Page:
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Honing Computer Science Education

A few weeks back, Microsoft security expert (and co-author of the book Writing Secure Code) Michael Howard lamented about the quality of young coders coming out of university computer science programs.

In Howard's case, the concern was over the utter lack of security awareness and training among newly minted post-graduate programmers. In fact, the situation is so bad that Howard says Microsoft pulls every new programmer aside for several weeks of security-specific training before they can even begin working on live code.

Security, of course, is an ongoing concern, as reflected in our upcoming cover feature on secure development in the age of Windows Vista (coming in our June 15 print issue). But U.S. colleges face a challenge just getting kids in the door. Since 2000, the Computing Research Association found that enrollment in computer science (CS) programs has dropped 70 percent.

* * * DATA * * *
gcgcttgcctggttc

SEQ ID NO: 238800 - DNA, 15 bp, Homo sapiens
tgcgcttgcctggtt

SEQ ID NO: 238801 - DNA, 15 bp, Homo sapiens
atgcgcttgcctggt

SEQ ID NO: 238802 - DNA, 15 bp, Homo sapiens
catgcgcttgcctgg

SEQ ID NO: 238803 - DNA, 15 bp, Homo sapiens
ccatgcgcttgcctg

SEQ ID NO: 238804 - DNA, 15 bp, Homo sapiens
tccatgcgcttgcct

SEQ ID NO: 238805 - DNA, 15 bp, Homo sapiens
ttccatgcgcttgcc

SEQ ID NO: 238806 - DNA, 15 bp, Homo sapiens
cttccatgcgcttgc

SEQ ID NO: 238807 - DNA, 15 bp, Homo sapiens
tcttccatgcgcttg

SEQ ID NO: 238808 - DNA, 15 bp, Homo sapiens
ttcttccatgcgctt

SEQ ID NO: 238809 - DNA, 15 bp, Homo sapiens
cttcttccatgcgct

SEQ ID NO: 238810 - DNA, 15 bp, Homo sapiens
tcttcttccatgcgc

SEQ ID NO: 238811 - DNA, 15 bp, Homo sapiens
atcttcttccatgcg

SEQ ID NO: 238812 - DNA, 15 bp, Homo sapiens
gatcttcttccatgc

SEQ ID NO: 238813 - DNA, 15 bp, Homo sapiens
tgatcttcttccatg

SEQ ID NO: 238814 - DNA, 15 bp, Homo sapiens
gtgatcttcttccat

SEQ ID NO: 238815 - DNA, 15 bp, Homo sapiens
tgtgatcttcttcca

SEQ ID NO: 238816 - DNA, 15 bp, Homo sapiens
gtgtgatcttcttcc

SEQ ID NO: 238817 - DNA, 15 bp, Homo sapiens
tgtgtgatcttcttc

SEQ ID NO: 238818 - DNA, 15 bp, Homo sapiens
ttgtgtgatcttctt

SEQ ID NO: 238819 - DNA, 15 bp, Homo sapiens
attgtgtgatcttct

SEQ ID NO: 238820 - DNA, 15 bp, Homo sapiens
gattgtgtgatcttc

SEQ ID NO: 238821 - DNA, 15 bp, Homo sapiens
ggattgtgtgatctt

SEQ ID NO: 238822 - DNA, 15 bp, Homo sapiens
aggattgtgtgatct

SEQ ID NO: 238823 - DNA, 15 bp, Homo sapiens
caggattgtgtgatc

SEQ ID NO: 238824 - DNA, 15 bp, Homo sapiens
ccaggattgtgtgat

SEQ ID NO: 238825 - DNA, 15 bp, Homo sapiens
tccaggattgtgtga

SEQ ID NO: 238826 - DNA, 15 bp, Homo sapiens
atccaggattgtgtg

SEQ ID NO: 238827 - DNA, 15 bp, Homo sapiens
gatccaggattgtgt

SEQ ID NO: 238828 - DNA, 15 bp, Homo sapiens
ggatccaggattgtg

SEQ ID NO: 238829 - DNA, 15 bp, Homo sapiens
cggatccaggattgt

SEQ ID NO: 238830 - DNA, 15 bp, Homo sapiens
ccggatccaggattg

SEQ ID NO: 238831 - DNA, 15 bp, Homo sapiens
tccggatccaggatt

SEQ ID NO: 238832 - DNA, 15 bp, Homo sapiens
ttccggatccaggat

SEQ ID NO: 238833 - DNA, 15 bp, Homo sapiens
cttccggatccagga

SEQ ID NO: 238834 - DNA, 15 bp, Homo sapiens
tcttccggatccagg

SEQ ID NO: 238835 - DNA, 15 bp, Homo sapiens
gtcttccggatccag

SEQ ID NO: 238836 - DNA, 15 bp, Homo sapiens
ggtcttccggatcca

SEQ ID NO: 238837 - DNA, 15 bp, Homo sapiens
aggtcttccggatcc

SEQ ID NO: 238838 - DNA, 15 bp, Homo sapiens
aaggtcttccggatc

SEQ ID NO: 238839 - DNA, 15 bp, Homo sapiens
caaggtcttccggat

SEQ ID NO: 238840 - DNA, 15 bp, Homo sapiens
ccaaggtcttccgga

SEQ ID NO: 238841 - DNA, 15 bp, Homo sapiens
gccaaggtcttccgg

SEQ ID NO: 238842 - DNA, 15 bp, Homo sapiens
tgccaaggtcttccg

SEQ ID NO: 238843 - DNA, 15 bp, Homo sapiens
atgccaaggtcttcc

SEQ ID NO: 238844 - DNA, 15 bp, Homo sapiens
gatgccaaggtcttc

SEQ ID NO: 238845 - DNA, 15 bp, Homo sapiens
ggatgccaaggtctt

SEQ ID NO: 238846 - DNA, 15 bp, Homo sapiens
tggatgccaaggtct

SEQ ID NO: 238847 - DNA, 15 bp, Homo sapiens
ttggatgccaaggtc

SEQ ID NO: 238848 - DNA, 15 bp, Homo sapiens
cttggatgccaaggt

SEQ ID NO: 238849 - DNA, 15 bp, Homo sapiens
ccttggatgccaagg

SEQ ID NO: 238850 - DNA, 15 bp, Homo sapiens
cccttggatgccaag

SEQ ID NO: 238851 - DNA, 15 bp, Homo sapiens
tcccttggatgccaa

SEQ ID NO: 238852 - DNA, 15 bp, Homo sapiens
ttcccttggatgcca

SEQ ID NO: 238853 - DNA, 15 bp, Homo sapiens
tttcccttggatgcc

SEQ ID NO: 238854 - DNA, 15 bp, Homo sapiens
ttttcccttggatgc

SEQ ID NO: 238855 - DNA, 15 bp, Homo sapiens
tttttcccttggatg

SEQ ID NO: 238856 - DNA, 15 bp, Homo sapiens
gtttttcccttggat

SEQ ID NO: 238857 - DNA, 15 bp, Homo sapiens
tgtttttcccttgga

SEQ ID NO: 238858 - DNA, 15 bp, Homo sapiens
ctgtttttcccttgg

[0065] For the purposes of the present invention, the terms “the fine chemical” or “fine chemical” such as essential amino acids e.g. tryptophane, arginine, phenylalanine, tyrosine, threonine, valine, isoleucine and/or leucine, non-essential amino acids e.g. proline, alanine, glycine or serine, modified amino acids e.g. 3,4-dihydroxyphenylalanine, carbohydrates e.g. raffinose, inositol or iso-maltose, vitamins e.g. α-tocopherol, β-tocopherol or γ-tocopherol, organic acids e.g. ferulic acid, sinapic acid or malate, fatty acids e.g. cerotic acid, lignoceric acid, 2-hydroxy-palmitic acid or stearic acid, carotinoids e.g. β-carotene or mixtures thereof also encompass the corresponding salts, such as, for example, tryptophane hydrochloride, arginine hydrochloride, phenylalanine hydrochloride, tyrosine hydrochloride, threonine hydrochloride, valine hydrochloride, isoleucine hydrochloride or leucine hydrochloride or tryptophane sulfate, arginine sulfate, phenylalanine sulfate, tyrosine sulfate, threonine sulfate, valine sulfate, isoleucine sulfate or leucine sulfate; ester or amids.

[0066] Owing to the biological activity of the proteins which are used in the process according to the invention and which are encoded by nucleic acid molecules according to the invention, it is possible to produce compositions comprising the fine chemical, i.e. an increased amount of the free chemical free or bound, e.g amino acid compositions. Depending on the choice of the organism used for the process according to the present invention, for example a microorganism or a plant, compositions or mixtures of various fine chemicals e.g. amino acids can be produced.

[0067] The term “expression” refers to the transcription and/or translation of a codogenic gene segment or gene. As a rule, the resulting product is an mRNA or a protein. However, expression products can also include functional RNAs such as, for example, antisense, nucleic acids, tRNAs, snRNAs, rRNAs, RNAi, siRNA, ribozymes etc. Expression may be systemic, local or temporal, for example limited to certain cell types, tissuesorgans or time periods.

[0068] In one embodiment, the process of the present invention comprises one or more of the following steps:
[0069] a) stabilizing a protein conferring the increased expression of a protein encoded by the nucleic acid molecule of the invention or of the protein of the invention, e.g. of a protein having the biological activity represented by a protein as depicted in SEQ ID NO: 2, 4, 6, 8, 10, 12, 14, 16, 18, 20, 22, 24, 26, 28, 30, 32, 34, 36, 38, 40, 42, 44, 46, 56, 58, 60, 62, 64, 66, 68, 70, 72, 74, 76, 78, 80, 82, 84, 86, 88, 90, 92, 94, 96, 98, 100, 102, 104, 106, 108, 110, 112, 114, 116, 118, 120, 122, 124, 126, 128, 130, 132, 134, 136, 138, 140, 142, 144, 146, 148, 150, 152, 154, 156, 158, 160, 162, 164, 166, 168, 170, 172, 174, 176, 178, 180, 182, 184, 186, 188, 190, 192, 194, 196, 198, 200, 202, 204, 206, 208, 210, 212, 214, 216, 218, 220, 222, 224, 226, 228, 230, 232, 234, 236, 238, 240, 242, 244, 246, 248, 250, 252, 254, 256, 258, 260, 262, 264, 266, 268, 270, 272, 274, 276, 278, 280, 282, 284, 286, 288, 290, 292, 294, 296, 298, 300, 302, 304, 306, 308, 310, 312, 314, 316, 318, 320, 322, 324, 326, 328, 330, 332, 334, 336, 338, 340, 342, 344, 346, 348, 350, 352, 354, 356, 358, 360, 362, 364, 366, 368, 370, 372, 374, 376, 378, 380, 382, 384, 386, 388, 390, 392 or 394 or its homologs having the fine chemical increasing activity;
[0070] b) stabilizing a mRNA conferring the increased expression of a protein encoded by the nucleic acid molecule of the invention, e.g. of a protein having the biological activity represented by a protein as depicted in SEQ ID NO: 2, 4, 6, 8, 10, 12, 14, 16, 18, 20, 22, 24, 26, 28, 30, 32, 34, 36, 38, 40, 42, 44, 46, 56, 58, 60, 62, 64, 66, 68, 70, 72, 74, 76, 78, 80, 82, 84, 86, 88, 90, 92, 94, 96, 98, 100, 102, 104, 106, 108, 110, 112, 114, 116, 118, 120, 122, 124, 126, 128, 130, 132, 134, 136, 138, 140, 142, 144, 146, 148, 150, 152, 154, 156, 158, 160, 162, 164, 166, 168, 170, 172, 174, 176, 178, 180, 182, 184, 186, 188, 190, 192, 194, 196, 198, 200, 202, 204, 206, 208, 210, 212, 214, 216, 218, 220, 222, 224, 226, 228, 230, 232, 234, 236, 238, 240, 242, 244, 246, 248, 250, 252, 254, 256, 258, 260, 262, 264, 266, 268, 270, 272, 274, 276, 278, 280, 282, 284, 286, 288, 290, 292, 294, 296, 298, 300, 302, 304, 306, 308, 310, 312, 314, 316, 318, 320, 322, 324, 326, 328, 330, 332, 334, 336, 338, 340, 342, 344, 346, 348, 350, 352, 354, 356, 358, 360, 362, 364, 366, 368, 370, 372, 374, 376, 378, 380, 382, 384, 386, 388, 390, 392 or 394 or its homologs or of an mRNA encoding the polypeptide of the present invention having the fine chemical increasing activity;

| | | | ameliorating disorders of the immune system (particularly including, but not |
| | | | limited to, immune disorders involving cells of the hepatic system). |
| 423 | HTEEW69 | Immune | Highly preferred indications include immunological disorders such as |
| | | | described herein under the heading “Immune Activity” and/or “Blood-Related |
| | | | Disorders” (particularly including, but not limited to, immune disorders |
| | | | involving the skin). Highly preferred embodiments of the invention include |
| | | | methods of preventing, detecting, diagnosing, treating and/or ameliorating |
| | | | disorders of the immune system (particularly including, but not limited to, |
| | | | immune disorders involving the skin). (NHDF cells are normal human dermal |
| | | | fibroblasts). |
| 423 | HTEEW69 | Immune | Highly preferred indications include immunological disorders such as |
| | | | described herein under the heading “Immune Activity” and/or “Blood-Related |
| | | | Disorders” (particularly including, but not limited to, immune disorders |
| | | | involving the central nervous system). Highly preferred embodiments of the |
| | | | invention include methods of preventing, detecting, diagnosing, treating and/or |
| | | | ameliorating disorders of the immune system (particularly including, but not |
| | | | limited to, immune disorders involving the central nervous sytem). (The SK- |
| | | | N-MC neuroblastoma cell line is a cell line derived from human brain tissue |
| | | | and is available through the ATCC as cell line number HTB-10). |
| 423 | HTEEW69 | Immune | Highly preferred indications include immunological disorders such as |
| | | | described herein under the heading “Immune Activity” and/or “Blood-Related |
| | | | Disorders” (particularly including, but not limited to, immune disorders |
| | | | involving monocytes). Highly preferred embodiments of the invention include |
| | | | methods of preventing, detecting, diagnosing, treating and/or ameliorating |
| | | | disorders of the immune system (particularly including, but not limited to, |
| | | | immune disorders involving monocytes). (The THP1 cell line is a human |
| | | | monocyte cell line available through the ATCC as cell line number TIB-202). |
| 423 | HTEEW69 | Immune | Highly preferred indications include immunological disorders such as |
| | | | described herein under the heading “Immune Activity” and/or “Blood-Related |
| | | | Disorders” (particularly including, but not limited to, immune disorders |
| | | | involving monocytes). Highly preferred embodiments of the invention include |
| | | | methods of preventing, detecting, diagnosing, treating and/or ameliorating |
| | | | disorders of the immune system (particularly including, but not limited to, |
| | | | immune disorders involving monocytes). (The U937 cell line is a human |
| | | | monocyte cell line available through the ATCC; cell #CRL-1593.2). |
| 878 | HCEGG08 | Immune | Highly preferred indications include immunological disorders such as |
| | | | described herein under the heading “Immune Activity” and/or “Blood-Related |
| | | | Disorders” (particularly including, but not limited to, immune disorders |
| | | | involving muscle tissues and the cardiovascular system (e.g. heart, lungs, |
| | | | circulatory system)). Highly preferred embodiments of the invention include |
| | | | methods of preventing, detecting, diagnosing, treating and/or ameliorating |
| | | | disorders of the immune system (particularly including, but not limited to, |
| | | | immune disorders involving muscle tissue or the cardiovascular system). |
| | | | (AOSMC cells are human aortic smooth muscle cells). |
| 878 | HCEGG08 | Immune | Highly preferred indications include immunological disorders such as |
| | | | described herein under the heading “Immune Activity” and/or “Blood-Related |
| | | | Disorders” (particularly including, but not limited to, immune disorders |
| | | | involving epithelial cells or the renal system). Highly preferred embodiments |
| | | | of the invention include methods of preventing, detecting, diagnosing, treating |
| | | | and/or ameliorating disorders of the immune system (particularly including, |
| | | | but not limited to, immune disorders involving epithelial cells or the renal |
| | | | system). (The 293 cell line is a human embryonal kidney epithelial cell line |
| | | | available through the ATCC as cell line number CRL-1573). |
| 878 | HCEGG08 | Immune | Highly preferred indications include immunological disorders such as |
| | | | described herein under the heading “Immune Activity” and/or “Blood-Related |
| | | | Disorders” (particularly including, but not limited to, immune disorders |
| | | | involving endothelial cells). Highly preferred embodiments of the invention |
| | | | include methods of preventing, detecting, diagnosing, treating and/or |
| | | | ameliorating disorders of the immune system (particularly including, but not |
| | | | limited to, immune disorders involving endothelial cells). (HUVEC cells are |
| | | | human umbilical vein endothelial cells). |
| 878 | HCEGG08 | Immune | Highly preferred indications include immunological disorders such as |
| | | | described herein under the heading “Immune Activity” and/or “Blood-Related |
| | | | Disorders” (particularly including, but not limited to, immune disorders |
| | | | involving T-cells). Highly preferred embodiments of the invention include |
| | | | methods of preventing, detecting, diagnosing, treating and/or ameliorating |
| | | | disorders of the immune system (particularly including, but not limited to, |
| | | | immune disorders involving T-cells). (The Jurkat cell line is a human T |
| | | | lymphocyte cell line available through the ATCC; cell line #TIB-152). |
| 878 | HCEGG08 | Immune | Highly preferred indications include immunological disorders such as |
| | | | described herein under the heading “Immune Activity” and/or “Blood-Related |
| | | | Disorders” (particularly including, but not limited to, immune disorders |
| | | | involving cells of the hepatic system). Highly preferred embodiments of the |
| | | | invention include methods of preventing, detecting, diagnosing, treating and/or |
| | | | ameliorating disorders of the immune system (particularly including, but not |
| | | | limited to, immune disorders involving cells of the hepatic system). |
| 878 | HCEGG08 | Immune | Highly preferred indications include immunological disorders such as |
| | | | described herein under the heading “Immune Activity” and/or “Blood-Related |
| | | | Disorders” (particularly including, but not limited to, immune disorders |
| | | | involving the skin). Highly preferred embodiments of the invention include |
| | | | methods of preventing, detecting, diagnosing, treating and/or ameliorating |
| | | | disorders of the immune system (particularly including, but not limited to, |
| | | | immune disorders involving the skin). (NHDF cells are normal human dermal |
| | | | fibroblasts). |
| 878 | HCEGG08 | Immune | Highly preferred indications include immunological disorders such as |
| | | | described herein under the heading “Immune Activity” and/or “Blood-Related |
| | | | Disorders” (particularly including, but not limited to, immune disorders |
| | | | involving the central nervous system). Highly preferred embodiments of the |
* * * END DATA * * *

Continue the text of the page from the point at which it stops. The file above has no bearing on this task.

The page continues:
So perhaps it's no surprise that colleges are looking for ways to spice up CS studies, as reported in a recent Associated Press story.

At Georgia Tech, computing professor Tucker Balch heads up a robotics curriculum that includes cheap, Frisbee-sized robots called Scribblers that students program. The story notes that students get to write code to control the behavior of the tiny robots -- a far cry from traditional exercises like cracking prime numbers.

At the University of Southern California, the GamePipe Laboratory offers students a chance to blend coding and creative skills as they study the art and science of computer game design.

Do you think universities are on the right track? Or do alternative approaches like these threaten to undermine core skills and fundamentals that are critical to producing able programmers? E-mail me at [email protected]. If we publish your response in our magazine, you'll receive a free RDN T-shirt.

Posted by Michael Desmond on 05/30/2007


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